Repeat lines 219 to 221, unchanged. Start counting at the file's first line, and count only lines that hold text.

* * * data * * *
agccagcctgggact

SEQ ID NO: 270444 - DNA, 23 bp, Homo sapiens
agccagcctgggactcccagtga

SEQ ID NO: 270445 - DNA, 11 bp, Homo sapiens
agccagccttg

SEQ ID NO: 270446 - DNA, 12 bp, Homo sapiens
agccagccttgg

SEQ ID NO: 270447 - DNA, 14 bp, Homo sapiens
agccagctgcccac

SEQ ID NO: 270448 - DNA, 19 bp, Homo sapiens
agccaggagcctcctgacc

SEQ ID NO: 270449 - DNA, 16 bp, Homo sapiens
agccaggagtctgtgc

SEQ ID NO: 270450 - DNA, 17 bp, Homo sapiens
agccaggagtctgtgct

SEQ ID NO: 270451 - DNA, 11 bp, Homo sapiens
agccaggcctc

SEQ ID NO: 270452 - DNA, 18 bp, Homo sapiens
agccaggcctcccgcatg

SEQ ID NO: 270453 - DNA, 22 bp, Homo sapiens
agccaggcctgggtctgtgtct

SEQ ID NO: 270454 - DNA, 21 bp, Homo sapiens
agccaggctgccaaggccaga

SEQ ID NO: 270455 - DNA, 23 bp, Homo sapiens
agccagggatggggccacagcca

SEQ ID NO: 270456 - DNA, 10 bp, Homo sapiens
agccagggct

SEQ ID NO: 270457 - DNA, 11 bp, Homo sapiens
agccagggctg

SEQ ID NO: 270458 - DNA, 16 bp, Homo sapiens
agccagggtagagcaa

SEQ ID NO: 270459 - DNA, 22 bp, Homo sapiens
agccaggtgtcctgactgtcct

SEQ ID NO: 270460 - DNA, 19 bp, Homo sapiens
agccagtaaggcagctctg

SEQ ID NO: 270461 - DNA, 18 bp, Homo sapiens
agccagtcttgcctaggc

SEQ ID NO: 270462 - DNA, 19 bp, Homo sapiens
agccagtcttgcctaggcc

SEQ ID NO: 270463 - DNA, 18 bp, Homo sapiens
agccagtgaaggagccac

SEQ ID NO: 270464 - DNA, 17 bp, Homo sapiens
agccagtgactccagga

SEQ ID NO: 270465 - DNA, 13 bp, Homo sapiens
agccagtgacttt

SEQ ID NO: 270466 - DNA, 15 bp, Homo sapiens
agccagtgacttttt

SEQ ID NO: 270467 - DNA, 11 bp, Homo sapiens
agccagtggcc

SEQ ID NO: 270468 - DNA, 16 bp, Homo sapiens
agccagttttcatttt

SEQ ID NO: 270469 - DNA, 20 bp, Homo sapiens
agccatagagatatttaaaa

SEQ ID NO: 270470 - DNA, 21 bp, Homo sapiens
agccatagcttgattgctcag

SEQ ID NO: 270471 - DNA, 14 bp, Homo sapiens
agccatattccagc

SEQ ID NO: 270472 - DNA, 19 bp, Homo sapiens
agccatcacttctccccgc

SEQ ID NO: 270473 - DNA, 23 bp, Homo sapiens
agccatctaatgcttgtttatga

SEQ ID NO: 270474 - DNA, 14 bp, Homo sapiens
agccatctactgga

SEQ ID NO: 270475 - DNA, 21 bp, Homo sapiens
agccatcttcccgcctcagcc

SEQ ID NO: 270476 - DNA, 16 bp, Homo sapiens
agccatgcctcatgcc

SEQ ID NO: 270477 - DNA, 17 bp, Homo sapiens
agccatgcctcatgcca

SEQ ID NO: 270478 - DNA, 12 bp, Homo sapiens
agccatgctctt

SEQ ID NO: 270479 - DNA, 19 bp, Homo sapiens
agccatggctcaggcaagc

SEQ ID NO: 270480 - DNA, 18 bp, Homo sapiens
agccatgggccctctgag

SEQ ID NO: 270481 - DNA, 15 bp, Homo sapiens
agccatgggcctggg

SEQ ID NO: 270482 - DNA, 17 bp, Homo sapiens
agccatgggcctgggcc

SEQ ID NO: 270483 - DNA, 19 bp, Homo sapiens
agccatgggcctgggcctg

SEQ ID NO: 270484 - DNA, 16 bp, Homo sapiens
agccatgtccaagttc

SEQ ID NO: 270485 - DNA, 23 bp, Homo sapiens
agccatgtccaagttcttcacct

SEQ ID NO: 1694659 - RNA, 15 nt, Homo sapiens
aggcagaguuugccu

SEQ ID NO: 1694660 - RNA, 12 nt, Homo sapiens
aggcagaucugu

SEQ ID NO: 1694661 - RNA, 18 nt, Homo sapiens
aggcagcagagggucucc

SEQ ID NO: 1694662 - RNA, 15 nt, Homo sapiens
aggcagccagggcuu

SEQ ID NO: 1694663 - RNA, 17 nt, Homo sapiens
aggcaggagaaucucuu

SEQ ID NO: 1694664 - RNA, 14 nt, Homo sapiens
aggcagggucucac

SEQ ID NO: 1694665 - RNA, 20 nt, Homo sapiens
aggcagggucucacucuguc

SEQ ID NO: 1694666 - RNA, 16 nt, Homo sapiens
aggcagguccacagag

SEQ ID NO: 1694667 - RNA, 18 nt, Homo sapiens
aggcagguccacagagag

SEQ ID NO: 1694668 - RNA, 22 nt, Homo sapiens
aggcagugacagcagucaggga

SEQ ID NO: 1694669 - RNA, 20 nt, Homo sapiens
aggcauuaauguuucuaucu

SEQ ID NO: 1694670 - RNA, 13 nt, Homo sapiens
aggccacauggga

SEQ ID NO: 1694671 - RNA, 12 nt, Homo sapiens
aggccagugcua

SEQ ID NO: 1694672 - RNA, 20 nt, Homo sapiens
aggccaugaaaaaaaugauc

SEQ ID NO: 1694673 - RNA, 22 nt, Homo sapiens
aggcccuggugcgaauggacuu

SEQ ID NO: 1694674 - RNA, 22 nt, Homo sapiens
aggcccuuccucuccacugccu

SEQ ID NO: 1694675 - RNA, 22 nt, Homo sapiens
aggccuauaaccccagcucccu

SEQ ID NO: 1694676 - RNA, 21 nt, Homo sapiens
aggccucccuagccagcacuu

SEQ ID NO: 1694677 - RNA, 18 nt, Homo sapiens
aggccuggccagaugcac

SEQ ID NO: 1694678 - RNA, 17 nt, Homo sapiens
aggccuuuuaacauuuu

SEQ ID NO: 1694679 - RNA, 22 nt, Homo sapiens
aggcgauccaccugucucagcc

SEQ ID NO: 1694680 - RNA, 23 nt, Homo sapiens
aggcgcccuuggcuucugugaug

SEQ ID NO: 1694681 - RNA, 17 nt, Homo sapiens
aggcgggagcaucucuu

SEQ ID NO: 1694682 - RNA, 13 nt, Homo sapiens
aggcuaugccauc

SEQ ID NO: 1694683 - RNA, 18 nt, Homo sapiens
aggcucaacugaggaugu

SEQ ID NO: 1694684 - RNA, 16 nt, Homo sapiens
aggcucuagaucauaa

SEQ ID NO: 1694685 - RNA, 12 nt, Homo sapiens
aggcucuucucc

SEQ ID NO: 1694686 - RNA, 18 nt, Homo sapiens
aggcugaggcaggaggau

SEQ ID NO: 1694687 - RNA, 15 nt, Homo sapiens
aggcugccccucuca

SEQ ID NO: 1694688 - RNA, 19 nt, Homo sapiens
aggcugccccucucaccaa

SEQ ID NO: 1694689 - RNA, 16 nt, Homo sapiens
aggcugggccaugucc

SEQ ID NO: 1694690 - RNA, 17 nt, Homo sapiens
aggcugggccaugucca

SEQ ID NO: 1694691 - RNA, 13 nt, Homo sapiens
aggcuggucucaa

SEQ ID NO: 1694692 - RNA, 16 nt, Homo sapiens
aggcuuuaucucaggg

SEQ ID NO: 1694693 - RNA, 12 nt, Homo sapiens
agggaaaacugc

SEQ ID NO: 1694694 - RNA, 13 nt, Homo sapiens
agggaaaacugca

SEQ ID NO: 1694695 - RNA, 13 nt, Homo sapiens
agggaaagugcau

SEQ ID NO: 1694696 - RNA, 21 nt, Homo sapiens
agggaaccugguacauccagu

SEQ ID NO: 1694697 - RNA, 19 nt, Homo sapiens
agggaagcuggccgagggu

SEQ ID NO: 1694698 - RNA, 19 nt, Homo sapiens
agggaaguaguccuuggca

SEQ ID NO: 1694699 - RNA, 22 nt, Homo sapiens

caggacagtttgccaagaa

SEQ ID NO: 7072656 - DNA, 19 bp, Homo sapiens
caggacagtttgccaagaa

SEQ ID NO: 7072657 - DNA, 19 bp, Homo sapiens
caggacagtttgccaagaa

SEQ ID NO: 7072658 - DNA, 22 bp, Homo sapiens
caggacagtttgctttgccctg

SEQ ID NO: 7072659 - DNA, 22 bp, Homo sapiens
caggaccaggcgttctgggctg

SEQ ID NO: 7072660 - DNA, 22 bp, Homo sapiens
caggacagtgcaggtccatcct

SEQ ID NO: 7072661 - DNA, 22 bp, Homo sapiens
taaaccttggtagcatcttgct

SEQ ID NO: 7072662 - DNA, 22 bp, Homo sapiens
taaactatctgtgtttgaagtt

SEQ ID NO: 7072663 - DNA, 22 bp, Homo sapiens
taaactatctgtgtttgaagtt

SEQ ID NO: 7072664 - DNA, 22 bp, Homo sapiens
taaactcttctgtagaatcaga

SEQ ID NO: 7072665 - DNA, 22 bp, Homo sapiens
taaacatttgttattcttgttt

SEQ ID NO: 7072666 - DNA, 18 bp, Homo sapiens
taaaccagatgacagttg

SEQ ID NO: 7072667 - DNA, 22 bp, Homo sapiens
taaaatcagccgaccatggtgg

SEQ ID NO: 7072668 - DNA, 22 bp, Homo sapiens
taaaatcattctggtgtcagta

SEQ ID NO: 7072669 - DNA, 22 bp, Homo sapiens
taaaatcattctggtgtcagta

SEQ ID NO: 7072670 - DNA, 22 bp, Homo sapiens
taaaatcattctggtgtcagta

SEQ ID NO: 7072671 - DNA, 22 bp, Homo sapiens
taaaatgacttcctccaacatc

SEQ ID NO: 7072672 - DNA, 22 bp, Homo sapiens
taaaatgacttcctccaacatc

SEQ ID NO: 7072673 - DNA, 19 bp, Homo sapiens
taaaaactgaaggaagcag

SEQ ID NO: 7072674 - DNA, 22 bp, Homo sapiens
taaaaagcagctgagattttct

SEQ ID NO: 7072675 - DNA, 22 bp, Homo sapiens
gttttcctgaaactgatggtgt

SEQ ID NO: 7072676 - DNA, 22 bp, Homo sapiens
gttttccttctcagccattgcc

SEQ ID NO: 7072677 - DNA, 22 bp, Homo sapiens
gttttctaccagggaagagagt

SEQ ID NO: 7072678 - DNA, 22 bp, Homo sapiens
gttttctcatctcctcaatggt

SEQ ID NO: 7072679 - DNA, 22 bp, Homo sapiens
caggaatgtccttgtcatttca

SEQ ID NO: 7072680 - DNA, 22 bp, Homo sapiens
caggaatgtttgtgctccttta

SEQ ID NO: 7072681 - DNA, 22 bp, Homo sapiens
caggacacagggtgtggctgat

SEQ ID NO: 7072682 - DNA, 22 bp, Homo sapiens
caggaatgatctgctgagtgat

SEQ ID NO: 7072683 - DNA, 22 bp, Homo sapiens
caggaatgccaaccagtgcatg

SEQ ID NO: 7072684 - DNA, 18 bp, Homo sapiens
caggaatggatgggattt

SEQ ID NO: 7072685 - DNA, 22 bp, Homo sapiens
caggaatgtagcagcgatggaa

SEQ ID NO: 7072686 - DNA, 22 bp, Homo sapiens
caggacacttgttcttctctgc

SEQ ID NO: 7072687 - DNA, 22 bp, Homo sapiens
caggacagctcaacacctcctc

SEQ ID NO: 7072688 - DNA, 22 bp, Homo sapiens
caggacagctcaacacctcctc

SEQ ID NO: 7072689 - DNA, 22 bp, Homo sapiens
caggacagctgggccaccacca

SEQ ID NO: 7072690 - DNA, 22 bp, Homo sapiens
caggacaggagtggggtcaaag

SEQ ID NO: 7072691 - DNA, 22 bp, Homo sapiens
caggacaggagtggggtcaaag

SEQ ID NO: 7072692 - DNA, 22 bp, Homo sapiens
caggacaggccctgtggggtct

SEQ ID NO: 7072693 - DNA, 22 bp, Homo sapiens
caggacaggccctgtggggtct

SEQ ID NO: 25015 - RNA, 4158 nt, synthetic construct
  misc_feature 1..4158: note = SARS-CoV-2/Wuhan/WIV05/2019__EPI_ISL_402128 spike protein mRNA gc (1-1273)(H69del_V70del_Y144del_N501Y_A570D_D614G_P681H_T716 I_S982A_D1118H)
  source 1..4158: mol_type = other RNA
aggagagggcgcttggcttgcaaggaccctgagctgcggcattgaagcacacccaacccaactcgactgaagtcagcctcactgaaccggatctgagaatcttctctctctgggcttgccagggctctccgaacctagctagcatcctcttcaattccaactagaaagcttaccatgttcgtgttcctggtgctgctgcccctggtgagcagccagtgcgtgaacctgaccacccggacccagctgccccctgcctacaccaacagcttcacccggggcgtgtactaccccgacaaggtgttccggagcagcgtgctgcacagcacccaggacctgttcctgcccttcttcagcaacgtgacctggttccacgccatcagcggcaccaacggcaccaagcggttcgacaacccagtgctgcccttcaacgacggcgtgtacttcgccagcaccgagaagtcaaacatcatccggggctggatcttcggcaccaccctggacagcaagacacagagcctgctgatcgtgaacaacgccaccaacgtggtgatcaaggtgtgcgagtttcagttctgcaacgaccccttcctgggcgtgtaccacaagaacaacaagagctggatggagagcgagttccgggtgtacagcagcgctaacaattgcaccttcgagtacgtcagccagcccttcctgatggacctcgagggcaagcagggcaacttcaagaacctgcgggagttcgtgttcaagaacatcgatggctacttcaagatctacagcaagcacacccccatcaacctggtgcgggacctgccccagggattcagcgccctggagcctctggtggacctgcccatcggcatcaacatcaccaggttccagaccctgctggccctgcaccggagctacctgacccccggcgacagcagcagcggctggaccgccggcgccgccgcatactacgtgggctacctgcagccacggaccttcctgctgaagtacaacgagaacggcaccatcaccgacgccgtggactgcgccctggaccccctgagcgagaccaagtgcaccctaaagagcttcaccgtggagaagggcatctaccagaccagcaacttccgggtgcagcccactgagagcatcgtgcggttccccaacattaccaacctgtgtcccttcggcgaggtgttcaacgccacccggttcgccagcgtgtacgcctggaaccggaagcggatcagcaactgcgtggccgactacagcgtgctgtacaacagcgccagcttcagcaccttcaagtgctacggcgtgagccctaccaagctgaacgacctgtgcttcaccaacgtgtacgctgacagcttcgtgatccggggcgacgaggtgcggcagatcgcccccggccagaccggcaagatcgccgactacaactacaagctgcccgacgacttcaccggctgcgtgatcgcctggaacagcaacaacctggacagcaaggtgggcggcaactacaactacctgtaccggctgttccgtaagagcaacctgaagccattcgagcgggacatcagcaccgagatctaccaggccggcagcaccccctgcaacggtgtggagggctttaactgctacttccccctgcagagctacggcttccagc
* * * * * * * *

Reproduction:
caggacacagggtgtggctgat

SEQ ID NO: 7072682 - DNA, 22 bp, Homo sapiens
caggaatgatctgctgagtgat